The real cause of the death of Pablo Neruda has been speculated for fifty years.
Now, the cause of the famed poet’s death has finally been confirmed. And the results seem to corroborate one of the more prevalent theories about the Nobel Prize winner’s sudden death. According to Rodolfo Reyes, Neruda’s nephew, forensic experts have determined that Neruda died after being poisoned with clostridium botulinum, a powerful toxin that had no reason to be in his system.
Neruda died on September 23rd, 1973, just 12 days after a military coup that overthrew the government of democratically elected President Salvador Allende. Neruda was famously friends with Allende and had been publicly critical of the first days of the dictatorship of Augusto Pinochet – who, ironically, would go on to lead Chile for almost two decades, in what is considered one of the bloodiest chapters in the history of Latin America.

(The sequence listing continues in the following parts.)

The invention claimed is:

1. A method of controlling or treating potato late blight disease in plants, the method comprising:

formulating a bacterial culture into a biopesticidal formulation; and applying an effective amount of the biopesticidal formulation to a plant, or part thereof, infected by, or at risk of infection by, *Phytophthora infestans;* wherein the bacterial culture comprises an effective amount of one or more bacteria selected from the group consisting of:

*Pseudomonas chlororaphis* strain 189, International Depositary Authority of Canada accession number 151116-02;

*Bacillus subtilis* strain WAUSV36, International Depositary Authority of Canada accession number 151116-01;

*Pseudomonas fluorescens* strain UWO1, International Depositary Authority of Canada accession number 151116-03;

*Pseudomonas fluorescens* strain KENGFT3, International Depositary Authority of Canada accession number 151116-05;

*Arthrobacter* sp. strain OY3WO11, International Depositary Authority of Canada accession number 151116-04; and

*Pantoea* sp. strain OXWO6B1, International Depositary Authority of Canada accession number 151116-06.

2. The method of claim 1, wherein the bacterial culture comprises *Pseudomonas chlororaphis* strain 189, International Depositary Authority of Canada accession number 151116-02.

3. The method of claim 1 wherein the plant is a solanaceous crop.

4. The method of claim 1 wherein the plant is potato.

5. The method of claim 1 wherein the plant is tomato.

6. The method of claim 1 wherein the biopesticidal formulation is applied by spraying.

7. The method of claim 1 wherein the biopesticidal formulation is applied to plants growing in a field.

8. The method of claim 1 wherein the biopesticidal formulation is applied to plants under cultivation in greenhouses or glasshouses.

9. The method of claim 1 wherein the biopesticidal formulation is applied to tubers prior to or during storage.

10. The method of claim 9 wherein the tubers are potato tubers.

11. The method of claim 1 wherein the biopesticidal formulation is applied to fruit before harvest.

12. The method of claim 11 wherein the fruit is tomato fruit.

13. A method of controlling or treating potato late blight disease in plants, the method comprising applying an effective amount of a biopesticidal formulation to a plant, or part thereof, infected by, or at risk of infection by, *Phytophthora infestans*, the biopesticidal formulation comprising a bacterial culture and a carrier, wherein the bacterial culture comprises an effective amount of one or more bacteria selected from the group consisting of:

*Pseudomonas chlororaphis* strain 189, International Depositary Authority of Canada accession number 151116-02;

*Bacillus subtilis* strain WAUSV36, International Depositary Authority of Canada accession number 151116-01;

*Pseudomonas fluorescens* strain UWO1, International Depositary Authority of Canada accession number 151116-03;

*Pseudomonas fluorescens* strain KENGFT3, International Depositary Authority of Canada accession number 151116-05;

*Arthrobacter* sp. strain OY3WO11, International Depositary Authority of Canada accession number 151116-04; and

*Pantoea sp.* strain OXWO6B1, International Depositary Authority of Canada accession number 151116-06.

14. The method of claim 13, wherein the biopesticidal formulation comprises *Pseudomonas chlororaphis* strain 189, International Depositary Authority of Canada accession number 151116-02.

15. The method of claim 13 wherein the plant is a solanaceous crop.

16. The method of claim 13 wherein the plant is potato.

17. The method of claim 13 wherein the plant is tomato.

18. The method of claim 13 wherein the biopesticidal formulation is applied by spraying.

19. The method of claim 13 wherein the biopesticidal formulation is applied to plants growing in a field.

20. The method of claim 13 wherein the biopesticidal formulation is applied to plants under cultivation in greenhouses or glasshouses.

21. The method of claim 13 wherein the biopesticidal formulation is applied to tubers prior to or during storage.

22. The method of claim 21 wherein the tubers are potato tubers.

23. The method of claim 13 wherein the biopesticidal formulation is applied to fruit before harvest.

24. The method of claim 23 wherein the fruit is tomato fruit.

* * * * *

Indeed, after the U.S.-backed coup left Pinochet in power, Neruda planned to go into exile in Mexico. A day before his planned departure, however, he was taken by an ambulance to the hospital, where the official story was that he died from prostate cancer and malnutrition. Even back then, the official story was questioned, and Neruda’s family and friends spent years trying to prove that the poet was murdered.
The confirmation, which took a long time due to financing issues and lack of cooperation from the clinic where Neruda died, comes at a time when the reputation of Neruda, widely regarded as one of the greatest poets of the 20th century, is being reevaluated. It’s particularly due to greater scrutiny of his work – he confesses to rape in his own memoirs, which were published after his death. Neruda’s wrongs and the Pinochet regime’s wrongs, however, can and do coexist.
Pablo Neruda wasn’t the only opposition to the regime to mysteriously die, and he also wasn’t anywhere near the only famous man who became so despite a history of sexual assault. And we must both grapple with Pinochet’s crimes and Neruda’s in order to tell the full story.